Friday, June 4, 2010

Anticipating the Future in Allston

HBI received several calls last week from neighbors to the Palestinian Cultural Center for Peace and Yousef Mosque at 41 Quint Avenue in Allston. The newest owner of the property, Anwar Faisal, has been making significant landscape changes to the south side of the property with dirt and fill meant to re-grade the sloping landscape for parking. Wasn’t there something that could be done to stop it? Known historically as the Allston Congregational Church, this beautiful 1891 Richardsonian Romanesque church building was home to a vibrant congregation for more than 100 years until 2003 when its shrinking membership decided to sell the church to another religious denomination.

At that time HBI accepted the donation of a preservation easement on the church property. An easement is a legal agreement that protects a significant historic resource by providing assurance that the property's intrinsic value will be preserved through subsequent ownership. When the easement was recorded, HBI worked with the congregation’s members to delineate the most important historic and architectural features of the building and property and drafted a conditions survey in order to document everything in that moment of time, and make recommendations for the short and long term stewardship. Each year, HBI inspects the property to make sure that no harm has come to the property’s protected characteristics.


When they executed the easement agreement, HBI and the members of the Allston Congregational Church were anticipating the future. What shouldn’t change? What should be managed through changing circumstances? Who should make those determinations and how? Above all, how can the most significant elements of a building be preserved while allowing it to remain functional over time.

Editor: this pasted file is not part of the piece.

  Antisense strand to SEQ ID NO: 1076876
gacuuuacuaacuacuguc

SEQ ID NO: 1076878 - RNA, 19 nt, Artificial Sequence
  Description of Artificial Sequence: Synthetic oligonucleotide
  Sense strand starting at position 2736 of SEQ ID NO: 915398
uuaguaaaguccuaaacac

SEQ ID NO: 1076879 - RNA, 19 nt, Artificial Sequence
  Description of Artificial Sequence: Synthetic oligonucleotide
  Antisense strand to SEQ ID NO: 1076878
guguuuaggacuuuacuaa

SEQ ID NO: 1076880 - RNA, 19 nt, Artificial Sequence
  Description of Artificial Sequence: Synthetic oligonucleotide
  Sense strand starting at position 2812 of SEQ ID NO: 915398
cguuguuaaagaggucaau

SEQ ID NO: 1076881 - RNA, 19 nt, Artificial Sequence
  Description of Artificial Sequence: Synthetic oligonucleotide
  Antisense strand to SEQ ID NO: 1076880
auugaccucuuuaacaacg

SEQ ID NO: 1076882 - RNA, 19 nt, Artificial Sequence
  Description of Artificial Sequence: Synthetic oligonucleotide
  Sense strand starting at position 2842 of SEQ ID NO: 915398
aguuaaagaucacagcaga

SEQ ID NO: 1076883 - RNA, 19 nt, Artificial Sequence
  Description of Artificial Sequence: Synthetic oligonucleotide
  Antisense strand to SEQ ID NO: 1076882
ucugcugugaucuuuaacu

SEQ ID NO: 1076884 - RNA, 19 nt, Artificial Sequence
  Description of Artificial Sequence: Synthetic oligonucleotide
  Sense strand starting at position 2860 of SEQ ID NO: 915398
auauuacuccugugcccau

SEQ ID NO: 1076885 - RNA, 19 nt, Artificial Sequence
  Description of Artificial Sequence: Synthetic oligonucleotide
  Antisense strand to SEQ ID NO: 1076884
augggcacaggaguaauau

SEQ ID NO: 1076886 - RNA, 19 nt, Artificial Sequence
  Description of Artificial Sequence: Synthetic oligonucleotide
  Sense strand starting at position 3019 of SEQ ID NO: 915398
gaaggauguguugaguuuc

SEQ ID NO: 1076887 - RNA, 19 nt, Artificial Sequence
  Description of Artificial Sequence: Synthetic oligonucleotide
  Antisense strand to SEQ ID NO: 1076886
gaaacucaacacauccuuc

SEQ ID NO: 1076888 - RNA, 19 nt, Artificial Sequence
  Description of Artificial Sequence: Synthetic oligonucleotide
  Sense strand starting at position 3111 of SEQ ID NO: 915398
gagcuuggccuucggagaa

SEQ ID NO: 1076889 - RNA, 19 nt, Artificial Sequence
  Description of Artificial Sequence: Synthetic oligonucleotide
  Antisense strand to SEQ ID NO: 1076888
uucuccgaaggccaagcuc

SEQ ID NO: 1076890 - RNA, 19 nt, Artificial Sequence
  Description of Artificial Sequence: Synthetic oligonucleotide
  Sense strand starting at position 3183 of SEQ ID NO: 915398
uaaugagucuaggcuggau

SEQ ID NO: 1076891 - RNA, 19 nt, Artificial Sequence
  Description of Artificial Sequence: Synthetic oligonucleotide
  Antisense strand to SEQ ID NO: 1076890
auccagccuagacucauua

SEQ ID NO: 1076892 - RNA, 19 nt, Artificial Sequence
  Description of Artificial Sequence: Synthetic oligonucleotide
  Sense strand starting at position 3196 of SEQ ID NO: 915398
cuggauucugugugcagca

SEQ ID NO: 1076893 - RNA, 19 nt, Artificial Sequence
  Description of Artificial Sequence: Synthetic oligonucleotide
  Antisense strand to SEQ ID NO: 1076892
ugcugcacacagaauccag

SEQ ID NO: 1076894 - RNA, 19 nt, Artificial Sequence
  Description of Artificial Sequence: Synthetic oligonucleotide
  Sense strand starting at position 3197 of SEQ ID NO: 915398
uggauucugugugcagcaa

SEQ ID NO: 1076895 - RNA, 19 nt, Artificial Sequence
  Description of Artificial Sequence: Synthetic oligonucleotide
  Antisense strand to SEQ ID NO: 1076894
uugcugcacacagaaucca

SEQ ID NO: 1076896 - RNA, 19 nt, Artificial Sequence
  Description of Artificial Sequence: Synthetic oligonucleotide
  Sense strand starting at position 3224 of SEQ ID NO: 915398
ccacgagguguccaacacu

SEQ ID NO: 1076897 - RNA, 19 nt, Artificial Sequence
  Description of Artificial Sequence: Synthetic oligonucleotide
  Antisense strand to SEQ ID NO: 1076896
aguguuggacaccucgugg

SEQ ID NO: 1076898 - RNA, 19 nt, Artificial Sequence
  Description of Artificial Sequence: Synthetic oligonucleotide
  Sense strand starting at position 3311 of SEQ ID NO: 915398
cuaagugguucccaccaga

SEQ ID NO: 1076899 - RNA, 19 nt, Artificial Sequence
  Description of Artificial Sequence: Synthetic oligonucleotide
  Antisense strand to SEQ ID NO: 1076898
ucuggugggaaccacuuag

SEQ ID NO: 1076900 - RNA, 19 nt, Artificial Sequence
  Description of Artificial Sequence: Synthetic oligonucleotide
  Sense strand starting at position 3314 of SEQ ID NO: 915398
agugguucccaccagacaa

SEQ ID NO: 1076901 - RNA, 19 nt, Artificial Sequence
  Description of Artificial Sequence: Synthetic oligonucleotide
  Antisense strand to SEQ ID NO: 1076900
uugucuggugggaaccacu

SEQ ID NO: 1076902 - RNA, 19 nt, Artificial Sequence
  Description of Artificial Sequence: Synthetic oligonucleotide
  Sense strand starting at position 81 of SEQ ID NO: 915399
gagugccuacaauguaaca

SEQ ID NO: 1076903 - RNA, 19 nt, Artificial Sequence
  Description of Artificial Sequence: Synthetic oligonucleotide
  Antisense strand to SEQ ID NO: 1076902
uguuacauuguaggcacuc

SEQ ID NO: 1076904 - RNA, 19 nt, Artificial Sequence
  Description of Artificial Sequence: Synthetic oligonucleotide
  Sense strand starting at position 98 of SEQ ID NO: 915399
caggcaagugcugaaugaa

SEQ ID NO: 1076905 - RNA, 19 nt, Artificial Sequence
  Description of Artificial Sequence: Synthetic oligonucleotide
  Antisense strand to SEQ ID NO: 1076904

The easement document largely focuses on the interior and exterior features of the Allston church building and parsonage. The landscape grade, contents and treatment are largely undefined. The owner’s current activities -- changing grade, importing landscape material, and expanding parking surfaces – are unaddressed specifically in the easement and oversight documents. However, to older congregants and neighbors who have roamed these grounds, planted organic gardens and played there, these changes are alarming adjustments to a familiar landscape that is also context for one of Boston’s most beautiful religious buildings.


HBI is reviewing the easement with its attorneys and the property owner to determine if the current projects – publicly permitted or not – abide by the terms of the preservation easement. In the most egregious circumstances, HBI could force the owner to undo inappropriate changes. It is more likely the current activity is not a serious violation of the easement, but a poorly executed one which might have been made better with early review and planning with HBI and its architects, a process that is required in the easement instrument. For HBI, which holds easements on seven properties in Boston, enforcement is largely about education. For property owners like Mr. Faisal, knowing in advance what is permissible and appropriate makes for better stewardship, takes the sting out of enforcement and, in the Allston case, can accommodate present needs that could not have been anticipated when the easement was drafted.

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